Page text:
On Thursday, the day after Jordin Sparks, won the Season 6 "American Idol" championship, Newsday spoke former New York Giants player Phillippi Sparks, about his daughter's win the night before:
"Whoo!" Phillippi Sparks said. "Whoo!"
This was at noon Pacific Time yesterday, and he was speaking by phone from Los Angeles. "I haven't woken up yet," he said. "Actually, I didn't go to sleep."
Later, Sparks admitted to a two-hour nap, but all the dreaming he needed unfolded in real life.
Wednesday night, his daughter, Jordin, was crowned "American Idol" of 2007 upon winning a televised singing competition you might have heard about.
It was the culmination of a whirlwind that left the 17-year-old vastly more famous than her father ever was as a borderline star cornerback for the mostly dreary Giants of the mid-1990s.
Sparks, 38, was happy to be a supporting actor in the drama.
"You know what's cool about it?" he said. "The cool thing is that I'm her dad. That's all that matters. I was a little bit famous, but this? I'm just speechless right now, man."
In the early rounds of Idol, Sparks watched Jordin sporadically, spending time at home in Arizona with his 15-year-old son, P.J., whom he called "a very smart, intelligent young man who loves sports and who will be famous, too."
Once the field was whittled to 12, Sparks and his wife, Jodi, were regulars in the studio audience and on TV. Fox does not allow contestants' relatives to do one-on-one interviews for fear of providing an edge in the voting, but yesterday he was free to talk - and to bask in the moment.
"I'm just so blessed and honored to be a part of my daughter's life," he said. "It's overwhelming. She just hugged me and wouldn't let me go and was like, 'Dad, hold me, hold me, hold me.' You can imagine how I felt. I couldn't hold it back, bro. Some tears came out. Unbelievable."
Jordin's parents met while Sparks played at Arizona State. The Giants drafted him in the second round in 1992. He played for them through 1999, then spent a season with the Cowboys before retiring.
The Giants made the playoffs only twice in his time, including the notorious first-round collapse against the Vikings in 1997 during which Sparks had a heated confrontation with a teammate on the field. He said in advising Jordin before the last two rounds that he used football analogies.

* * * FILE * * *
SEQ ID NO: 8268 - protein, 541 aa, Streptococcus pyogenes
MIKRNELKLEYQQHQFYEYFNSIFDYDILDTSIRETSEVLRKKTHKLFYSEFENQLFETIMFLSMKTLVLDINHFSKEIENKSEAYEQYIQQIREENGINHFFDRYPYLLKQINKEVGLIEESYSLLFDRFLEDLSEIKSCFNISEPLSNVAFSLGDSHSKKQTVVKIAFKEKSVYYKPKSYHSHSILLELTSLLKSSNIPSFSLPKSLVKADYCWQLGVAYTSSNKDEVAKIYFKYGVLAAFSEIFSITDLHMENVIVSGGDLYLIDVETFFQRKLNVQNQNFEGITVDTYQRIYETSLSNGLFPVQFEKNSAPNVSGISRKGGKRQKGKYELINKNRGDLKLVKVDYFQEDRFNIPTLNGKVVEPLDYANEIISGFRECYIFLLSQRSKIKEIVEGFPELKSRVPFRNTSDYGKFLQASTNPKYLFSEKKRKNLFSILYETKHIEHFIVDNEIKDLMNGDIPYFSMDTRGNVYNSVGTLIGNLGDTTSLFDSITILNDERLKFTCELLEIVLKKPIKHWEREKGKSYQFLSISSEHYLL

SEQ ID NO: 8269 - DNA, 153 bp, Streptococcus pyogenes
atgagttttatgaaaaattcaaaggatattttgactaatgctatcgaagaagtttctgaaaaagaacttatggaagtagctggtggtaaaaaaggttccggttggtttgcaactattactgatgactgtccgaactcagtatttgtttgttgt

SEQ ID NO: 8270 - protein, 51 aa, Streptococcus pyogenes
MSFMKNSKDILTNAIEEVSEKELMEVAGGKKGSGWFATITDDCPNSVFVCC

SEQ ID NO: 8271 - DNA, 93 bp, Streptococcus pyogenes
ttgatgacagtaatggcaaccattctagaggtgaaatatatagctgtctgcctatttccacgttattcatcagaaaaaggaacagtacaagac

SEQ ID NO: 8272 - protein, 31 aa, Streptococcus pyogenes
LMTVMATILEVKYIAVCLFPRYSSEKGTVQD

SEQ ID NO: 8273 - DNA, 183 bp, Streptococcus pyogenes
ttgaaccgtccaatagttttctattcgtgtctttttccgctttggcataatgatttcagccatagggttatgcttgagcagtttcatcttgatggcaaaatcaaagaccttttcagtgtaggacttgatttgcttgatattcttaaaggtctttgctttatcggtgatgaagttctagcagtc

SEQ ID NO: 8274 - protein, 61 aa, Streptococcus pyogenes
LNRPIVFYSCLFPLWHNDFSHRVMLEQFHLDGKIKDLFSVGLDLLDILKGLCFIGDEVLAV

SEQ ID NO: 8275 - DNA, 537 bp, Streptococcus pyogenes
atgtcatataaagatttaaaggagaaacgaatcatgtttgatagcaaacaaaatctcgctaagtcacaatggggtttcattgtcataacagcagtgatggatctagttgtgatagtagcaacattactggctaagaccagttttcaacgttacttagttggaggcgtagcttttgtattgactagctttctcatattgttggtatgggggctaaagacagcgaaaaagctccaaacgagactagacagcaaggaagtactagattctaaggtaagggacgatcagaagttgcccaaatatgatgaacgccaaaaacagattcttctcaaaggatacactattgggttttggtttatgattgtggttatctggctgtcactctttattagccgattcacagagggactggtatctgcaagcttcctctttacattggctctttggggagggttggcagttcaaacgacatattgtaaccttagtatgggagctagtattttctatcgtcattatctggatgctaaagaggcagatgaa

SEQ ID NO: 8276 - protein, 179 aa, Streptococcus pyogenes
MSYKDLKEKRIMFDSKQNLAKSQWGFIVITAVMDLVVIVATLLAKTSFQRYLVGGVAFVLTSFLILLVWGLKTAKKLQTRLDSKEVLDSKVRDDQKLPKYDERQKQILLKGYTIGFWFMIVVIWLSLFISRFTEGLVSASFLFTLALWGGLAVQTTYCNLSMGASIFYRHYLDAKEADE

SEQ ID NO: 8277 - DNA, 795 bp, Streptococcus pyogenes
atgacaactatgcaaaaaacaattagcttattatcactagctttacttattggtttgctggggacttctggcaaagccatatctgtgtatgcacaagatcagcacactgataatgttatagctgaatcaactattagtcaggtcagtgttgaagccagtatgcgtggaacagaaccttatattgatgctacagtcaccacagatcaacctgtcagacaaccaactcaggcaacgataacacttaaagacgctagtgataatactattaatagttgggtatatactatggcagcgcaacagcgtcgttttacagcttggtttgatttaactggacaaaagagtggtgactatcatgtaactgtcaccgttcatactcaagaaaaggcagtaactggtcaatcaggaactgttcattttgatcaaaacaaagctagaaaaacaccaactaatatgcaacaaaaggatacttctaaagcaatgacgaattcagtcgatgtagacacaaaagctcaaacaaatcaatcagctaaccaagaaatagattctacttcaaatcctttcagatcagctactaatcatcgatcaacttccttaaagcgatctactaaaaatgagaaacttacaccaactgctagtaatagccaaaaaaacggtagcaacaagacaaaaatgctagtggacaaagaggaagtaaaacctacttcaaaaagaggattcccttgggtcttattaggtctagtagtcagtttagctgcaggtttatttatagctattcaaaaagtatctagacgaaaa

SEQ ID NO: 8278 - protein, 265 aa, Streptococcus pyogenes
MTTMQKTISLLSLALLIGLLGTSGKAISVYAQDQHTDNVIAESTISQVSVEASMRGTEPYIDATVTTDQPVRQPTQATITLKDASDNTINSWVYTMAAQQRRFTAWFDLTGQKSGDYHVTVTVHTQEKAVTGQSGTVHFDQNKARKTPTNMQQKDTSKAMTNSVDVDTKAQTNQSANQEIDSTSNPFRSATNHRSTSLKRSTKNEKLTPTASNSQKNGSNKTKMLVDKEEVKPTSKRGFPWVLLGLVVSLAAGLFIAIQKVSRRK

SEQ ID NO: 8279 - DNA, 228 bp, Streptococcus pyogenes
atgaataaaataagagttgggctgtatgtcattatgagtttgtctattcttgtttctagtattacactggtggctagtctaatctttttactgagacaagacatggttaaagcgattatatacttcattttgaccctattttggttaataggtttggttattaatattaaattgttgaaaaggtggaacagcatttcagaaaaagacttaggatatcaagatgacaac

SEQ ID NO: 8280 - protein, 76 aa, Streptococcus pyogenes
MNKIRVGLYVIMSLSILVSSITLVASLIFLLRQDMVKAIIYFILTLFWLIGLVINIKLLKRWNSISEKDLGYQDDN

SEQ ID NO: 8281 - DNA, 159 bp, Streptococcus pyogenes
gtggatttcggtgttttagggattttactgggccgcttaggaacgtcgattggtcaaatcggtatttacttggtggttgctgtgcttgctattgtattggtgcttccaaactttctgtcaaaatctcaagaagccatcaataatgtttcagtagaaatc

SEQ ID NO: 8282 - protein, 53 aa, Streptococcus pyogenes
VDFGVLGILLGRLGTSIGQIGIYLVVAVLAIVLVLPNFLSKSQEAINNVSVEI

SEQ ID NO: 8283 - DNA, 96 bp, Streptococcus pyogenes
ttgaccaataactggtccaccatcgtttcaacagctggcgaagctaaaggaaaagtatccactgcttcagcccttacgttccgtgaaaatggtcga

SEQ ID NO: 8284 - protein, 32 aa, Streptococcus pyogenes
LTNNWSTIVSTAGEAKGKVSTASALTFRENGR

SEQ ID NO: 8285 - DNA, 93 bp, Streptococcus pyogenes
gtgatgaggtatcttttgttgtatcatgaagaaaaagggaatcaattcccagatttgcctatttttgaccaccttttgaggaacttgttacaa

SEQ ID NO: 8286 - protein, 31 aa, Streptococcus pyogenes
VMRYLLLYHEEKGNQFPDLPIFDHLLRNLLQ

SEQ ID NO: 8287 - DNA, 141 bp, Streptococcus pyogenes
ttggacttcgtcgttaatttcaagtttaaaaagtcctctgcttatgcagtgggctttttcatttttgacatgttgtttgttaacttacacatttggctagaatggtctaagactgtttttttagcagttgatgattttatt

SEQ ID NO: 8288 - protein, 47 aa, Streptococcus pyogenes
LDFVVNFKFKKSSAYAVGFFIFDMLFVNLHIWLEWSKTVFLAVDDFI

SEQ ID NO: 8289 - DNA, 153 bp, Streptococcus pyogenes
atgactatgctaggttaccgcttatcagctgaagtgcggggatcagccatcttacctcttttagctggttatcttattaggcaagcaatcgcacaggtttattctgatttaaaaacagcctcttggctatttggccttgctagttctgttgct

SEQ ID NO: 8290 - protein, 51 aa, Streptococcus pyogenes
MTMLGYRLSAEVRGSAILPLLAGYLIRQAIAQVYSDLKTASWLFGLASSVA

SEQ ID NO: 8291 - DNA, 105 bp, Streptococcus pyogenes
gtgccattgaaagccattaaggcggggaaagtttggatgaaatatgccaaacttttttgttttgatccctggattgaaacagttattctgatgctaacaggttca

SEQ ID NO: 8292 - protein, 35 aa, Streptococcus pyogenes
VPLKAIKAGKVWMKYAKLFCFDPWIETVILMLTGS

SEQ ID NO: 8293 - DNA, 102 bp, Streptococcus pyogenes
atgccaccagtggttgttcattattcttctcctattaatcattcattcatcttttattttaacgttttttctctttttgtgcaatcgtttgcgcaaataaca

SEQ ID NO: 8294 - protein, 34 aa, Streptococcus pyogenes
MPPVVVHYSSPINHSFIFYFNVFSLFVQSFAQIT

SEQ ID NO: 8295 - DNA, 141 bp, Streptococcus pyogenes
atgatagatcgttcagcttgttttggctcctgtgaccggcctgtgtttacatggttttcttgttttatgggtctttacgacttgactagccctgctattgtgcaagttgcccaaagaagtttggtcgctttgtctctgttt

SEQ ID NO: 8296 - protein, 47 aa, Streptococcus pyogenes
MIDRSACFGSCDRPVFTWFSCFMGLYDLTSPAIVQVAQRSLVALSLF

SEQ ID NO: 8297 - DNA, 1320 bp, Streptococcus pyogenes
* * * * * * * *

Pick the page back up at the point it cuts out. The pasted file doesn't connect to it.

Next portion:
"I told her the final three was like the playoffs," he said. "The final two, babe, is something I couldn't get to but you can: the Super Bowl."
(The Giants got there the season after Sparks left.)
Sparks has been coaching defensive backs at Glendale Community College, where he played, as well as his son's youth team.
And? "And that's about it," he said, adding he hopes to play on the celebrity golf tour.
Handicap? "I'm not letting that out," he said. "I'm not great, but I am good enough to beat most of the guys on that tour."
Sparks said even after seven years, the transition to retirement from the NFL is not easy. "I still want to play, every day," he said. "You have to let it go. But everybody lets it go in their own time."
Despite her age and Idol's presumed mission to discover unknown talent, Jordin is a seasoned performer with a long resume, and she has been home schooled since last year. Her father said she is levelheaded and he is not concerned fame and fortune will spoil her.
"No, if you see her, and I'm sure you have, she's incredible, a normal teenager," he said. "She's just a young lady who happens to have a beautiful voice. She's blessed.
"Like she said, 'Why me, Lord?' "
LISTEN TO JORDIN'S FIRST RELEASE
FULL VERSION OF 'THIS IS MY NOW'
The player below has streaming audio of the full version of Jordin Sparks first release, "This Is My Now." See if you like. It can be purchased at iTunes or at AmericanIdol.com.
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